I make adventure

Play From the Bottom

In Inspiration on 1 • 9 • 12 at 8:15 am

Instructions on the kids' play table in the waiting room.

Sadly, most children’s toys in waiting rooms are broken, and this one was too. I would dearly have loved to play with it because of it’s request that I “play from the bottom.” It’s a great reminder of three experience design issues:

  1. When designing experiences consider how the addition of elements that take your participants outside their normal spectrum of interactions can enhance what you’re making. Here, players manipulate objects by reaching under the table and using a magnet. The objects are sandwiched in a space between two sheets of plexiglass, so players can watch the results of their actions from the top. Normally, when we interact with object and tables, we do it from the top – but this presents a twist on expectations. It challenges players to interact in a non-standard way, producing new sensations. We enjoy the unexpected in small doses (note that small doses are relative to the person).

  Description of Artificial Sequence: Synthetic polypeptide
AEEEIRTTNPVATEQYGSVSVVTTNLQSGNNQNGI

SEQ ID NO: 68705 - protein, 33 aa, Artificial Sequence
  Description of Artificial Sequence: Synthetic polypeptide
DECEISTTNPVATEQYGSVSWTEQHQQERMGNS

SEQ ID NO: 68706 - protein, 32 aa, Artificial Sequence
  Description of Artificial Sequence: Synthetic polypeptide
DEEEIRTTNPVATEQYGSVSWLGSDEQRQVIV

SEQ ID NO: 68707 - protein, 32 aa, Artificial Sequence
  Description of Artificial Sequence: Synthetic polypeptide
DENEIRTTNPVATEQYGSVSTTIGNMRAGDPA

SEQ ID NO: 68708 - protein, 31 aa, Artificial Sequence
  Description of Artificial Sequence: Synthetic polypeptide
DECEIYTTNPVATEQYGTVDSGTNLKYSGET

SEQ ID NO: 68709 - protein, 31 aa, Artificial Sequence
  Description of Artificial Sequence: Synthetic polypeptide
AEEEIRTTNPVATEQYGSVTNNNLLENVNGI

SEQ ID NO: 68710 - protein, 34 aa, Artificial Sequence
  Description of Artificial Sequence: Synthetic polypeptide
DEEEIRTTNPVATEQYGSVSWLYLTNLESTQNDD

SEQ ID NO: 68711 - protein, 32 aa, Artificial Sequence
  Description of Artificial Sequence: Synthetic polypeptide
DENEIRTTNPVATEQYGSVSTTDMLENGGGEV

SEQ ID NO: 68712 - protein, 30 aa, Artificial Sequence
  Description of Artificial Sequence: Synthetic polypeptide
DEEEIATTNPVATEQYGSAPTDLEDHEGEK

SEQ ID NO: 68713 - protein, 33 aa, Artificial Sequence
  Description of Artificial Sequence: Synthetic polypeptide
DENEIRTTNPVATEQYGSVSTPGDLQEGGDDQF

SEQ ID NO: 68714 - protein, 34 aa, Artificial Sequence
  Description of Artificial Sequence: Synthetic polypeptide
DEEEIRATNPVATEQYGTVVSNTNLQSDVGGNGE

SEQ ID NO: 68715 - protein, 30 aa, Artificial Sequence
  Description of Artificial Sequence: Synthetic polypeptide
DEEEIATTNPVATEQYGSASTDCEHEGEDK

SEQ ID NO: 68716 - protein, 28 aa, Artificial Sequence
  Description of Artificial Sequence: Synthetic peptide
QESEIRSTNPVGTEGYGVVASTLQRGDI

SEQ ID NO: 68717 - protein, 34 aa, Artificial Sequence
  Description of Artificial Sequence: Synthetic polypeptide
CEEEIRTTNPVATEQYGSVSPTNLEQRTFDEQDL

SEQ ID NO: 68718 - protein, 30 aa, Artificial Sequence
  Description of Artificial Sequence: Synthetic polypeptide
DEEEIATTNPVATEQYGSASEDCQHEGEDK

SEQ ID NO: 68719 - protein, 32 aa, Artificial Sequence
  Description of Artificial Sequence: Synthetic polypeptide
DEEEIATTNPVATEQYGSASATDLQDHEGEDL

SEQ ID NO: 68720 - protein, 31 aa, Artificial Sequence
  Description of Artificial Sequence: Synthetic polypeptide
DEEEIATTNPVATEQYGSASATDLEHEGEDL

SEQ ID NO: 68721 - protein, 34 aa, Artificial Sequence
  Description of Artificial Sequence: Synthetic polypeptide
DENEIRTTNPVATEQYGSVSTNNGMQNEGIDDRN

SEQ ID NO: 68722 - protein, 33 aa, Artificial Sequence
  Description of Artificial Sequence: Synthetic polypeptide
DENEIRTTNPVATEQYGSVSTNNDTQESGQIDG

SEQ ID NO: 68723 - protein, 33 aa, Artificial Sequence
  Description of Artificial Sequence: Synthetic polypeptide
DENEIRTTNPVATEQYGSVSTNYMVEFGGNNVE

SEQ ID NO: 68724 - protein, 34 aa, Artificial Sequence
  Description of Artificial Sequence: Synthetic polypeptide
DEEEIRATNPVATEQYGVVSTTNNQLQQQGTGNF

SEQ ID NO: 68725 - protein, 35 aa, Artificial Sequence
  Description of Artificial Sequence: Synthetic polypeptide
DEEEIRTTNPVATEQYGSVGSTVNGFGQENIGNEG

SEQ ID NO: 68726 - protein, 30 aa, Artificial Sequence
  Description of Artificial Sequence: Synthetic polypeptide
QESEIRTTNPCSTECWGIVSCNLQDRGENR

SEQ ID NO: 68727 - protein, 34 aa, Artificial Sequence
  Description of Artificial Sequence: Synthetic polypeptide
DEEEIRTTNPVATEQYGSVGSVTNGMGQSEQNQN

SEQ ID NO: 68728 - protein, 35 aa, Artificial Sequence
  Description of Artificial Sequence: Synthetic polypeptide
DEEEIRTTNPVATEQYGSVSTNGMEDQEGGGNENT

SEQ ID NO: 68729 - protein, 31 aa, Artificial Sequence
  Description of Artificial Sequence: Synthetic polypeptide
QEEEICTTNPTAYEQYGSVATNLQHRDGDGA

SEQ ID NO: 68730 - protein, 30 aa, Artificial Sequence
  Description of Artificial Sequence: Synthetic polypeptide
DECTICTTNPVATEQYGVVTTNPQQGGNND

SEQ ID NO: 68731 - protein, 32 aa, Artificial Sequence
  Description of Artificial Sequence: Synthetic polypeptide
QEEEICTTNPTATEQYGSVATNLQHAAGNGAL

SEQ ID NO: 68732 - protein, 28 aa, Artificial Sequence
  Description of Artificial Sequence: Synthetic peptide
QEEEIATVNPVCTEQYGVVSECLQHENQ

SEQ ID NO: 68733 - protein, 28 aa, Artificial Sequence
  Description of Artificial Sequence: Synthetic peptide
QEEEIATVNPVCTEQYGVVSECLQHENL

2. Here’s the corollary to #1: When you decide to add elements that are non-intuitive or require interactions that your participants may not have encountered, you have to somehow communicate what’s expected. There are graceful ways to incorporate this information into the design, but sadly this table is a terrible example. The text and illustration are small. The primary players are likely to be too young to even read the message.*
  3. While you could argue that #2 also makes this table ‘broken’ – it was also literally broken when I encountered it. The magnet for use under the table was missing. The cable that had attached it to the corner of the table was still there, snaking uselessly down to the floor. The reminder here: design for time. Think about how many people will interact with this. How long will this thing that you’re making be around? How will it be maintained? If more people start to use it, or start to use it differently – will someone make changes to accommodate this? These all may seem obvious, but so often – especially when making digital things – the focus is simply on getting the thing out the door.

So there you have it, three examples of experience design considerations: one positive, two negative – all in one non-fuctional children’s play table in a waiting room.

* There are many great treatises on making these design decisions (i.e. how do you communicate how this object should be used?) – “The Design of Everyday Things” by Donald Norman is a great primer, but is nowhere near the last word on the topic.

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